Tag Archives: Ukraine humanitarian crisis

The Power of One

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One man, one container. The result? Thousands of people will receive much better medical care.

Benny Shkop set the pace in our Chicago Save Ukraine Now banquet by committing to fill a shipping container with hospital beds, mattresses, wheelchairs and other medical supplies for Ukraine at a cost of $100,000.

Benny exemplifies the “Power of One,” the ability of one person to make a dramatic difference.

A dynamic and energetic young entrepreneur, he has built a global business by selling refurbished medical supplies to hospitals in developing countries. A few years ago, he learned that some of America’s best hospitals replace equipment every four years instead of the industry-standard ten or twelve. Benny founded ReMed to furnish this medical equipment to hospitals unable to afford newer systems.

Leo Bard, our Executive Vice-President, and a key member of our Chicago team, heard about Benny’s business and approached him about shipping medical supplies to Ukraine. Benny eagerly committed to filling a container for just $10,000—a fraction of the value. After the Save Ukraine Now banquet in Chicago, he dropped that number to $3,000.

There is it—the Power of One.

One man, one container. The result? Thousands of people will receive much better medical care.

A few days later, I spoke about Benny’s commitment at a church in Meadville, Pennsylvania. A young couple decided they would give $3,000. With a trembling hand, the husband handed the pastor a check at the end of the service. They had never done anything like that before.

And there it is again—the Power of One.

Stories like this are happening every week in Save Ukraine Now as individuals discover the Power of One.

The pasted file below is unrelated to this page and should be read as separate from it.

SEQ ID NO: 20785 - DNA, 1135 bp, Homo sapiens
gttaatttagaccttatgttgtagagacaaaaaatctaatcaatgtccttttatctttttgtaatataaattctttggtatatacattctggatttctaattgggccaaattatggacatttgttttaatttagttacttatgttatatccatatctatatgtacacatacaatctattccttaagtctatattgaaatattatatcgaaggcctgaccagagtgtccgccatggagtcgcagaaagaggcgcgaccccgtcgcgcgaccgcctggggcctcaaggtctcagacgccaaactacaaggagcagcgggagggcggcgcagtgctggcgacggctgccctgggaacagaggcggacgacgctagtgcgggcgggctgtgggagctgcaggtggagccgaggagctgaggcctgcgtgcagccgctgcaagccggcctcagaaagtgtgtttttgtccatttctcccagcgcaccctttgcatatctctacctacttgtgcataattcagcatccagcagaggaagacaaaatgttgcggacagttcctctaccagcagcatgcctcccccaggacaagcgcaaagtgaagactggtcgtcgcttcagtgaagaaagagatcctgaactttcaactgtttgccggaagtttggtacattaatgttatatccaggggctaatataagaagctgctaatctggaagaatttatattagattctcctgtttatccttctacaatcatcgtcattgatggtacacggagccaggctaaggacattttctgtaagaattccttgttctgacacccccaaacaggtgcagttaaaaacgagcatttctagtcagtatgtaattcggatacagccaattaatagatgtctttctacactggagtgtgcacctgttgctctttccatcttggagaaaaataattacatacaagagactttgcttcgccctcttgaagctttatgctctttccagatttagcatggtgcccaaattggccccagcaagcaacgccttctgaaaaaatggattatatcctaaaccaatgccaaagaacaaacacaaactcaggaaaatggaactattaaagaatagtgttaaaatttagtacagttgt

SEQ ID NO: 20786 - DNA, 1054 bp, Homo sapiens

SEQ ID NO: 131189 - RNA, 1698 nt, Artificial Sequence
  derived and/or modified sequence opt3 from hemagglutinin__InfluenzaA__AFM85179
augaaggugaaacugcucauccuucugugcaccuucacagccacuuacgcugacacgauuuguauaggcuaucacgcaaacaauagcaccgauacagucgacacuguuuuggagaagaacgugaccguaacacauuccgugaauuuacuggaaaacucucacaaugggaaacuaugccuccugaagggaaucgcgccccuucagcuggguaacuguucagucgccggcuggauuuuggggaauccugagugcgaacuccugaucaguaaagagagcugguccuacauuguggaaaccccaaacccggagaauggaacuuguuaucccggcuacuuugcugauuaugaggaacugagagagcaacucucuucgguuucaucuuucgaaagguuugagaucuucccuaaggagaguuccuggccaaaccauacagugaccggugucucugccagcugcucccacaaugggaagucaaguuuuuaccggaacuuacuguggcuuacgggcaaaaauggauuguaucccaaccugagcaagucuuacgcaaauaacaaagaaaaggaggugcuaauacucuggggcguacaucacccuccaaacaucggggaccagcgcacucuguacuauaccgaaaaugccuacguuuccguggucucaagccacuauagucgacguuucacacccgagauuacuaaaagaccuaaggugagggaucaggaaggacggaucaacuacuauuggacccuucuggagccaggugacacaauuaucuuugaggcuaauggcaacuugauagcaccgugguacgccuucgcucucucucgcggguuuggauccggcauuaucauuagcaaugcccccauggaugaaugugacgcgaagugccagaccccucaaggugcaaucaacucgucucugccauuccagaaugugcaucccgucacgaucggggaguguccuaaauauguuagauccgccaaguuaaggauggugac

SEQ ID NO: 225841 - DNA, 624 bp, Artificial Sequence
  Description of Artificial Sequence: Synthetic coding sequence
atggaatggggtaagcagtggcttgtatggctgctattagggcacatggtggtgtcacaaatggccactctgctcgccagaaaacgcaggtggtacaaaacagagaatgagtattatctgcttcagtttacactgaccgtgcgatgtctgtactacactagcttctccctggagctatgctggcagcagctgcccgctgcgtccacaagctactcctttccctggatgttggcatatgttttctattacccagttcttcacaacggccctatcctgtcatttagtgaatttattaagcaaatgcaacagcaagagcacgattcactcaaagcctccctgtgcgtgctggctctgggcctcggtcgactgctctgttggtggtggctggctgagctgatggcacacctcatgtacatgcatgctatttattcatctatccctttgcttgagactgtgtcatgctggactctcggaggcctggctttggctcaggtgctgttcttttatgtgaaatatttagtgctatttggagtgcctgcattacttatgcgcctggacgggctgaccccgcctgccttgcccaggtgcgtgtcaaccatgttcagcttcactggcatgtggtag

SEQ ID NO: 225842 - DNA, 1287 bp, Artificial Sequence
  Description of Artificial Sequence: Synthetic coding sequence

Two women, Ulana Kushner and Vera Andruskiw, caught the vision for organizing a city-wide effort in Detroit. They built an elite steering committee of 40 people from 20 organizations and held a regional prayer breakfast for religious leaders, a premier event with General Wesley Clark at the renowned Detroit Economic Club, a fundraising banquet and a strategic briefing. More than 1,000 people attended.

And there it is one more time—the Power of One, or, in this case, two.

But the story does not end there. James Fouts, the mayor of the City of Warren, Michigan, home to a substantial Ukrainian-American community, attended the banquet and was duly impressed. He declared a Save Ukraine Now Initiative to fill shipping containers and even directed the city Water Department to include a promotional flyer in the residential bills.

And that illustrates an interesting corollary about the Power of One: it multiplies.

And as it does so, Americans will catch a vision of what they can collectively accomplish. The Talmud says, “He who saves a life, saves the world entire.” That’s the Power of One.

It Takes a Team

Leadership guru John Maxwell has famously said, “If you’re going to do a big job, you need a big team.”

The challenges presented by the humanitarian crisis in Ukraine are staggering — more than 5 million people affected by the conflict, 1.1 million internally displaced persons, 1.7 million children need care and counseling.

Last week, I met with a top UN official in Ukraine. She spent the last 16 years on the ground in war-torn countries like Afghanistan, Iraq, the Central African Republic and Myanmar. She is smart, tough and hard to scare.

After the pleasantries were over, she looked at me and said, “We want to be your partners.” Of course, I asked why.

She said, “If you don’t work with us, people will die. It’s that simple.”

Sometimes team is the difference between life and death.

That’s what we have been doing the last few months, building a team big enough to take on the suffering of a nation. Next month, we launch a national campaign called Ukraine Survival to fill shipping containers with emergency supplies for people whose lives are hanging by a thread. Save Ukraine Now is approaching thousands of churches, synagogues and civic associations across the United States to fill shipping containers with emergency supplies and ship them to Ukraine.

Teams have been organized in Chicago and Detroit to mobilize city-wide efforts. Detroit is setting the standard for team building: more than 20 organizations in the Detroit Metro area have joined with us in this effort. In the last few weeks, churches in New York, Pennsylvania, Connecticut, Florida, Indiana and Illinois have launched campaigns in their communities.

It’s still not enough.

We need you. The people of Ukraine need you.